No, it's not... and I never said that the duplicate crew were killed as a result of a doom-field. However, a paradox is pretty much the same thing however you apply it. Something that should not/could not be, and yet is. In a CU model, there is no paradox, just confusion that can be sorted out and explained. In a CU model, the faux-paradox forms part of an infinite repeating string of identical events, whilst in a CT model, it is a true paradox, and stabilises an open loop, in which things happen, stay happened, an in fact rely on other things having happened in order to happen. The CU model has no such reliance, and thus time travel becomes fraught with the possibility for the destabilisation of the timeline, and/or the creation of unstable paradoxes. Nonlinear time (a timeline with loops, bubbles, and spirals) doesn't work in the CU model. Linear time would apply (time that moves forwards in a line, with backwards time travel itself being a paradox and forwards time travel being akin to a passing loop on a railroad).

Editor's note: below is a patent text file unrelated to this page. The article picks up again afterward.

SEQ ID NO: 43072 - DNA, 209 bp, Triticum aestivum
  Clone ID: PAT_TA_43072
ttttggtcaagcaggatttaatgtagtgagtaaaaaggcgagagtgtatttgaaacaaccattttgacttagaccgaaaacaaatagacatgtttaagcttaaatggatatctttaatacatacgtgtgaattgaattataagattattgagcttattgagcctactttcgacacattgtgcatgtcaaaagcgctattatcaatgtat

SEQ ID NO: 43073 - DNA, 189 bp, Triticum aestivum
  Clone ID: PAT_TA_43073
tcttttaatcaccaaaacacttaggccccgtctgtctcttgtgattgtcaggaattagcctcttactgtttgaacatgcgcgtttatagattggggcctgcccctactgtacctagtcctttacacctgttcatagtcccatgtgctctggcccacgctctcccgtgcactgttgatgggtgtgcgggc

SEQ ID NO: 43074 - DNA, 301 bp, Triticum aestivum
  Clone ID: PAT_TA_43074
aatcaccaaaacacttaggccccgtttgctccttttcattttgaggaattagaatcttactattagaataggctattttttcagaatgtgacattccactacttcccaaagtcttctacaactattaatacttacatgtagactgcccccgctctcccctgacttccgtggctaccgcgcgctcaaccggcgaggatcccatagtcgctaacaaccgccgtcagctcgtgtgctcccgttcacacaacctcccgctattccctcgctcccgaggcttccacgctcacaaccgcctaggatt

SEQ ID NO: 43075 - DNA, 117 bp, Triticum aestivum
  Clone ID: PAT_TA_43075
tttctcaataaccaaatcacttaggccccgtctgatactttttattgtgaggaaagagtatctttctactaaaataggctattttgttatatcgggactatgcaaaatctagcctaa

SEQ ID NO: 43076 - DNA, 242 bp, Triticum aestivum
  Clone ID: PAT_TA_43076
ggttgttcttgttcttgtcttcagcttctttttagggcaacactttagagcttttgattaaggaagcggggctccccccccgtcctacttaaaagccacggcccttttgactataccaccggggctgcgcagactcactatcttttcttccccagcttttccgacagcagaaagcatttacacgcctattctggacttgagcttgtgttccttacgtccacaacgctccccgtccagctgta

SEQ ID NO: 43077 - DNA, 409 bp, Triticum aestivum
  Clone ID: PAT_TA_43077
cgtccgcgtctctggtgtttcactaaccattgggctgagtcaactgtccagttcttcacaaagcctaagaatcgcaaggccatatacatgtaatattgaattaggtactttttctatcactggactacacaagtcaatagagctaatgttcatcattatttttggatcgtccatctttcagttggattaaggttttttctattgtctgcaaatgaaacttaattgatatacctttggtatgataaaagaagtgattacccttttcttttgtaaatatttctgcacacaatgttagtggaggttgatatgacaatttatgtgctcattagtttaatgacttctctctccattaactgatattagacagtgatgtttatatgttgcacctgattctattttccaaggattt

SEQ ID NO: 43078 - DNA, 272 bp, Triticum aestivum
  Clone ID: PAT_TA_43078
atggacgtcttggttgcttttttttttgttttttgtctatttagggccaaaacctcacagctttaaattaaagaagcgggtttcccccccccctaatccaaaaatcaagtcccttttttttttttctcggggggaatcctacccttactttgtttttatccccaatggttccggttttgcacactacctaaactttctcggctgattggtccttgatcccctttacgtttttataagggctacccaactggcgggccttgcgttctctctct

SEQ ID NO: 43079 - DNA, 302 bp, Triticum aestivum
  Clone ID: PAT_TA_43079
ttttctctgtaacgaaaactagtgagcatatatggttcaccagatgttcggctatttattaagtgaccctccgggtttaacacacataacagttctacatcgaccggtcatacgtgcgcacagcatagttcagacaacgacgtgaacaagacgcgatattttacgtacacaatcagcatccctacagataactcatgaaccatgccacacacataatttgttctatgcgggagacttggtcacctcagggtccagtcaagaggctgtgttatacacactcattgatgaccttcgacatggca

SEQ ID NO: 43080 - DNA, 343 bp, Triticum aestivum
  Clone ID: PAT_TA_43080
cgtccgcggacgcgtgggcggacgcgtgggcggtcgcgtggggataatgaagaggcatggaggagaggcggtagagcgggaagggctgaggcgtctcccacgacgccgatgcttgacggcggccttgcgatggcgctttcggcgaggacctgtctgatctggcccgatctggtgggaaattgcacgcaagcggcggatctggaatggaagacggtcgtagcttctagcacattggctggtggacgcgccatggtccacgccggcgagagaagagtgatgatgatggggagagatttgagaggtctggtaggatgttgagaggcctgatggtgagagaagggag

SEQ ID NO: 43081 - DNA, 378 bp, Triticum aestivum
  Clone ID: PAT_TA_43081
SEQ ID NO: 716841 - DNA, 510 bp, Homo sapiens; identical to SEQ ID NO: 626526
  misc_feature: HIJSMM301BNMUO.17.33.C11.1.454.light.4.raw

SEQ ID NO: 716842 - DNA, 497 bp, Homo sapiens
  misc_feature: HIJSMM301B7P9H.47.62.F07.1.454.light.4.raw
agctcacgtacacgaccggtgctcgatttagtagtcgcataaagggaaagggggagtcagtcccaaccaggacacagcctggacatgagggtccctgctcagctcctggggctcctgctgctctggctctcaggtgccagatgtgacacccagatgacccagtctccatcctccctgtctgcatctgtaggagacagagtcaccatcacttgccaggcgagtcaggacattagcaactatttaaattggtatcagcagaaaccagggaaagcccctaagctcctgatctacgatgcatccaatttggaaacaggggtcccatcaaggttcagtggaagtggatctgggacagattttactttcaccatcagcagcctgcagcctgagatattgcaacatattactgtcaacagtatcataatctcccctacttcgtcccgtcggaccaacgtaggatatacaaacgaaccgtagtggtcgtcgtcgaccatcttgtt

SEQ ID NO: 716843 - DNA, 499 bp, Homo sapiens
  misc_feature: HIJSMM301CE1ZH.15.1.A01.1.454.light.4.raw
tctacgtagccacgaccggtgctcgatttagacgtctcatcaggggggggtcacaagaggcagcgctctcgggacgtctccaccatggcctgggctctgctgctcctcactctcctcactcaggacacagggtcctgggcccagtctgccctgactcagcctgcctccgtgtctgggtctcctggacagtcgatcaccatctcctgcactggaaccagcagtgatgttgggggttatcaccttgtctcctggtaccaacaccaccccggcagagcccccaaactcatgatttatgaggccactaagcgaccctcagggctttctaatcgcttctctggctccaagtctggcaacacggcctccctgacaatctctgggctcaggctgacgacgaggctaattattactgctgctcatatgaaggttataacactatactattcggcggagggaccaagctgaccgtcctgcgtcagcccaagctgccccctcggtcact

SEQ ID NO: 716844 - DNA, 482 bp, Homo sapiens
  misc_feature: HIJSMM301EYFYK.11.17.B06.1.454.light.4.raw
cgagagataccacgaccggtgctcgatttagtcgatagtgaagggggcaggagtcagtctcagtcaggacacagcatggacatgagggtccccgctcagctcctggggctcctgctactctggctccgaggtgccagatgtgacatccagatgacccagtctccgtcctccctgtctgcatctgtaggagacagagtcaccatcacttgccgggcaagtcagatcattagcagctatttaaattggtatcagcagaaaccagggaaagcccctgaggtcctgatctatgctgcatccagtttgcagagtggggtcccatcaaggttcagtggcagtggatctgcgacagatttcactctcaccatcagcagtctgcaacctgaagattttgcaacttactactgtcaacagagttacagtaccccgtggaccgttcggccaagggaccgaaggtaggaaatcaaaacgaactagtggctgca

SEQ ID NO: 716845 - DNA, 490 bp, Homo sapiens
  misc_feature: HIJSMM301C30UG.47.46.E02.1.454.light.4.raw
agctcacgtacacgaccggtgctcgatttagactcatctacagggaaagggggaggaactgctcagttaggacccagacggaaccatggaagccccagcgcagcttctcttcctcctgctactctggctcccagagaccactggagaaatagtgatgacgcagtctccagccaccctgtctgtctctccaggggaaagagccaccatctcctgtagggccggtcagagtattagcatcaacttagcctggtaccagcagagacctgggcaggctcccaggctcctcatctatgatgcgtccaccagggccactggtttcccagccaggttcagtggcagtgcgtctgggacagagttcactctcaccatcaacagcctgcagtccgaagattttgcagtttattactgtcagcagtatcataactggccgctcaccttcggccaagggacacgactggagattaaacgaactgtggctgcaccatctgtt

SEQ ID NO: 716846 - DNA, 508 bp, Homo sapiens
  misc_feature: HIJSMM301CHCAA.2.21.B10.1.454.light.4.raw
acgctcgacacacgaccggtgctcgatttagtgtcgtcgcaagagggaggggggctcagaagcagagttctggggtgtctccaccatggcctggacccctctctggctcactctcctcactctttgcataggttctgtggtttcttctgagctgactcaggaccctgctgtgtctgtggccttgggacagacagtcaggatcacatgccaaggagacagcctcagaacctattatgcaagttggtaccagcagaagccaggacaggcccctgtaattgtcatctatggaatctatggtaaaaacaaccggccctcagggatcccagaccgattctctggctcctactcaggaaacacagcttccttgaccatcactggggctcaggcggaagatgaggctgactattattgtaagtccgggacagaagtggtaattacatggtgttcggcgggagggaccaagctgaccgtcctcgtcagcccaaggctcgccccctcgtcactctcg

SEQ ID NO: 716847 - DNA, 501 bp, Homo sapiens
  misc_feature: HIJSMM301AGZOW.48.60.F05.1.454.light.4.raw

We know from RTEW and BBS that nonlinear timelines occur in the futuramaverse, since stable loops and bubbles are formed within the timeline, so a CT model based on nonlinear time would seem to apply.

I feel another MSPaint diagram coming on.
Erdrik

Professor
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« Reply #126 on: 08-13-2010 05:40 »

...
In a CU model, there is no paradox, just confusion that can be sorted out and explained. In a CU model, the faux-paradox forms part of an infinite repeating string of identical events,
...
The CU model has no such reliance, and thus time travel becomes fraught with the possibility for the destabilisation of the timeline, and/or the creation of unstable paradoxes. ...

Explain. You say CU does not create real paradox, then go on to say CU creates unstable paradox.
And even destabalizes the timeline?!
Unless your specificly talking about backwards time travel?
totalnerd undercanada

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« Reply #127 on: 08-13-2010 05:42 »
« Last Edit on: 08-13-2010 06:12 by totalnerduk »